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LOS ANGELES - (Mealey's) Countrywide Financial Corp. will pay $500 million to shareholders in three related securities class action lawsuits to settle claims that it misrepresented the investment quality of mortgage-backed securities (MBS) in what is being called the largest-ever MBS class action recovery under the Securities Act of 1933, according to a press release issued by class counsel April 17 (David H. Luther v. Countrywide Financial Corp., No. 12-5125; Western Conference of Teamsters Pension Plan v. Countrywide Financial Corp., No. 12-5122; and Maine State Retirement System v. Countrywide Financial Corp., No. 10-0302, C.D. Calif.).
According to the press release, under the terms of the settlement, Countrywide will make the $500 million cash payment to shareholders in exchange for a full release of all claims against it.
The settlement is subject to court approval.
In Luther, shareholder David H. Luther filed his class action lawsuit in the Los Angeles County Superior Court on behalf of all purchasers of Countrywide Home Loans Servicing LP common stock from January 2005 to June 2007. He alleged that Countrywide, its subsidiaries, executive officers and third-party investment banks violated Sections 11, 12(a)(2) and 15 of the Securities Act by issuing a series of false and misleading statements with regard to certain information about the underlying mortgages and borrowers of those mortgages for certain mortgage-backed securities.
On Dec. 14, 2007, the defendants removed the action to the U.S. District Court for the Central District of California. Luther moved to remand the action to the state court on Jan. 10, 2008. Judge Marianna R. Pfaelzer granted Luther's motion, ruling that the Class Action Fairness Act (CAFA) does not trump Section 22(e) of the Securities Act, which prohibits claims filed in state court that arise under the act from being removed to federal court. The defendants then appealed to the Ninth Circuit U.S. Court of Appeals, which affirmed.
Upon remand, the defendants demurred, contending that the trial court lacked jurisdiction under the Securities Act, as amended by the Securities Litigation Uniform Standards Act (SLUSA) in 1998.
The trial court agreed, and lead plaintiffs State of Vermont Employee Pension Funds, Maine State Retirement System, Pension Trust Fund for Operating Engineers, Washington State Plumbing and Pipefitting Pension Trust and Mashreq Bank appealed to the Second District California Court of Appeal, Division 5, which reversed, holding that the amended language of the Securities Act does not preempt the lead plaintiffs from bringing their claims in the state court, stating that "[w]e 'do not read statutes in little bites,' and cannot endorse such a limited reading of section 77v" of the Securities Act.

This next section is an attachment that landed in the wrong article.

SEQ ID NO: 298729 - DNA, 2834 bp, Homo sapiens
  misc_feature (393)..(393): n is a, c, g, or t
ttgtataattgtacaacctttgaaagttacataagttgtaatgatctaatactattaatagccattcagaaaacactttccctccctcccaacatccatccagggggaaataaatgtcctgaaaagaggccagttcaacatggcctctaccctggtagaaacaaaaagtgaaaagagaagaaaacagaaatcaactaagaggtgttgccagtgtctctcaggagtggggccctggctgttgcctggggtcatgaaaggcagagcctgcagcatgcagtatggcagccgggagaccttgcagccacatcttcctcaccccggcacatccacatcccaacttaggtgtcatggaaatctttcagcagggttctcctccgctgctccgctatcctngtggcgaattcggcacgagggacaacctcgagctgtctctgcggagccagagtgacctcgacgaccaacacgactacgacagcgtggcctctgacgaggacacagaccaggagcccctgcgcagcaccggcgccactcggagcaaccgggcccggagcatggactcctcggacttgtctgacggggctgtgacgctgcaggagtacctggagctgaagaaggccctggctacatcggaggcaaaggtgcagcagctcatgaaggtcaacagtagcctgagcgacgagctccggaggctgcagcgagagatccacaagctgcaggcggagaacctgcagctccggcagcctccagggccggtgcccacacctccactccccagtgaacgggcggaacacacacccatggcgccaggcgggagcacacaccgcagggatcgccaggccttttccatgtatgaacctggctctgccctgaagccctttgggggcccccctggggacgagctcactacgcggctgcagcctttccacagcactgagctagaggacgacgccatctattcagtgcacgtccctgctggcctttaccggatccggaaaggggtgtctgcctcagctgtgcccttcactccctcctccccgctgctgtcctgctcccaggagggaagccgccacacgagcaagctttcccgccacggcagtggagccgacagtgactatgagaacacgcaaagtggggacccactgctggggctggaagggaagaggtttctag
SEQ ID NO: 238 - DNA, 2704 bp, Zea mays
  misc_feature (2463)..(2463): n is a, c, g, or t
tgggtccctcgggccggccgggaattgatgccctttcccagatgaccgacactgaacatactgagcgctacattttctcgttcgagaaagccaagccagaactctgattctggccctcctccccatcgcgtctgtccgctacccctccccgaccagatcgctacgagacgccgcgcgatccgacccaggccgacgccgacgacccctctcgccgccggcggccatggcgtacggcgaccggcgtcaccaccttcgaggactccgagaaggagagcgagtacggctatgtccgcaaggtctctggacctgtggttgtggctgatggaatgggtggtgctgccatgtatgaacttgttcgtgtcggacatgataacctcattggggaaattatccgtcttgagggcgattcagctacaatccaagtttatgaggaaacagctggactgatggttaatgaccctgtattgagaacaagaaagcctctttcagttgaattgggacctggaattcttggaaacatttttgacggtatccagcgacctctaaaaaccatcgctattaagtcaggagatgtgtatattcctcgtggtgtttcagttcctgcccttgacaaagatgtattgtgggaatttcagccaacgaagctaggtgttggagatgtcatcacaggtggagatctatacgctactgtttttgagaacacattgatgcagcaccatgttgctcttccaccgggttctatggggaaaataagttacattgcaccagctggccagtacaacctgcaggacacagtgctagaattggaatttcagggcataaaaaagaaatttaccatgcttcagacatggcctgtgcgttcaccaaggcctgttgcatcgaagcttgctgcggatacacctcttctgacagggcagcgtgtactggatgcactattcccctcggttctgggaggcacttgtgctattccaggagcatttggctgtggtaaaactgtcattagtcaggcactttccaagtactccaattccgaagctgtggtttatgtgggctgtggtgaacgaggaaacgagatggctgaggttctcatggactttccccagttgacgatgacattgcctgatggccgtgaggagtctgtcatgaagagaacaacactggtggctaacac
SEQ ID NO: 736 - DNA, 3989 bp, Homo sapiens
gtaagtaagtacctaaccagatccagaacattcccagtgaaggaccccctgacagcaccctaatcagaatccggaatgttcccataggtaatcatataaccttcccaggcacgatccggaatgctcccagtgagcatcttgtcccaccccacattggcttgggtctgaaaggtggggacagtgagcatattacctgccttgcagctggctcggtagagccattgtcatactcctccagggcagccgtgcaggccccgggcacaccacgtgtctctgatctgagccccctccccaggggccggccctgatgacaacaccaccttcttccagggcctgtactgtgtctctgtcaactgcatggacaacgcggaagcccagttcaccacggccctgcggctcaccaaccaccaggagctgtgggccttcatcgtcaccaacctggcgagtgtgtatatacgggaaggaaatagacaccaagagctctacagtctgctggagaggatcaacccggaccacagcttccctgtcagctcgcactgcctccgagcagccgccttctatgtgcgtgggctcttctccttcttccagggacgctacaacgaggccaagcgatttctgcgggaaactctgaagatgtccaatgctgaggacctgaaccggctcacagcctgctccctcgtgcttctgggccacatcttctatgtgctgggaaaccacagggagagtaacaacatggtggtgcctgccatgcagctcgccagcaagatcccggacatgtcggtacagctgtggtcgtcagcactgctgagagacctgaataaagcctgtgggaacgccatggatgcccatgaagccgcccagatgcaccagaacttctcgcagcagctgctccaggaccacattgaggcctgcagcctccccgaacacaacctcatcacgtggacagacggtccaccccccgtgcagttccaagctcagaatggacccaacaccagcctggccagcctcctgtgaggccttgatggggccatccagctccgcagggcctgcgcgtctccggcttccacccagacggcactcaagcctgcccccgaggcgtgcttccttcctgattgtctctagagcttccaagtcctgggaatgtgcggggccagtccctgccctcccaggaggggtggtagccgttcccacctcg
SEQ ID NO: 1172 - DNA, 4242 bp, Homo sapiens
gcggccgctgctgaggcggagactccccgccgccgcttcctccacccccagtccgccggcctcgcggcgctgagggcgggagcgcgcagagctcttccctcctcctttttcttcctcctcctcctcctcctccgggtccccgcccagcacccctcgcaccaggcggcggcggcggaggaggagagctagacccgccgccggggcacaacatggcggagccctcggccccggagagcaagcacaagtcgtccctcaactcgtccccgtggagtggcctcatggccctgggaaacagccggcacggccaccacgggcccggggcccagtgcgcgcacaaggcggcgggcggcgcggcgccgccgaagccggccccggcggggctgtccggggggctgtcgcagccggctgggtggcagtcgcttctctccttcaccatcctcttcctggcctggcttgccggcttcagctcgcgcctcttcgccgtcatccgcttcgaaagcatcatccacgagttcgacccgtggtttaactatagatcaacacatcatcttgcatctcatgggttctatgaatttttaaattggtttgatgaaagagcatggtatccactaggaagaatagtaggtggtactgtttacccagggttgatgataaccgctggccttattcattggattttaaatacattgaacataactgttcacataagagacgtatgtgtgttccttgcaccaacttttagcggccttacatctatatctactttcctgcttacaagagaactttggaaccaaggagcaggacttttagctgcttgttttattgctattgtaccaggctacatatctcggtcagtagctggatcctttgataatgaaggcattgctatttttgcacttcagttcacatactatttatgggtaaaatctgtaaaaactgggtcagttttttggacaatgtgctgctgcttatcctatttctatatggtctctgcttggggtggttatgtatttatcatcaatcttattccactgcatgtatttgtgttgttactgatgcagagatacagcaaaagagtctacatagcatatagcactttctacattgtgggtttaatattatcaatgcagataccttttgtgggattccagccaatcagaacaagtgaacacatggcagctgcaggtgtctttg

The appellate court denied the defendants' motion for rehearing on June 17, and the California Supreme Court denied review on Sept. 14.
The defendants then filed a petition for writ of certiorari in the Supreme Court, which denied review on Dec. 5, 2011.
In addition to Luther, shareholders in Western Conference of Teamsters Pension Plan v. Countrywide Financial Corp. and Maine State Retirement System v. Countrywide Financial Corp. are also subject to the terms of the settlement.
The lead plaintiffs in Luther and Western Conference of Teamsters are represented by Spencer A. Burkholz, Thomas E. Egler, Scott H. Saham, Nathan R. Lindell and Ashley M. Robinson of Robbins Geller Rudman & Dowd in San Diego and Andrew L. Zivitz, Sharan Nirmul, Kimberly Justice and Jennifer L. Joost of Kessler Topaz Meltzer & Check in Radnor, Pa.
The lead plaintiffs in Maine State Retirement System are represented by Michael Goldberg and Lionel Z. Glancy of Glancy Binkow & Goldberg in Los Angeles; Steven J. Toll, Julie Goldsmith Reiser and Joshua S. Devore of Cohen Milstein Sellers & Toll in Washington, D.C.; Joel P. Laitman, Christopher Lometti, Richard Speirs and Daniel B. Rehns of Cohen Milstein Sellers & Toll in New York; and Ira M. Press and Randall K. Berger of Kirby McInerney in New York.
The Countrywide defendants are represented by Brian E Pastuszenski, Inez H. Friedman-Boyce, Brian C. Devine and Michele E. Connolly of Goodwin Procter in Boston and John O. Farley of Goodwin Procter in Los Angeles.
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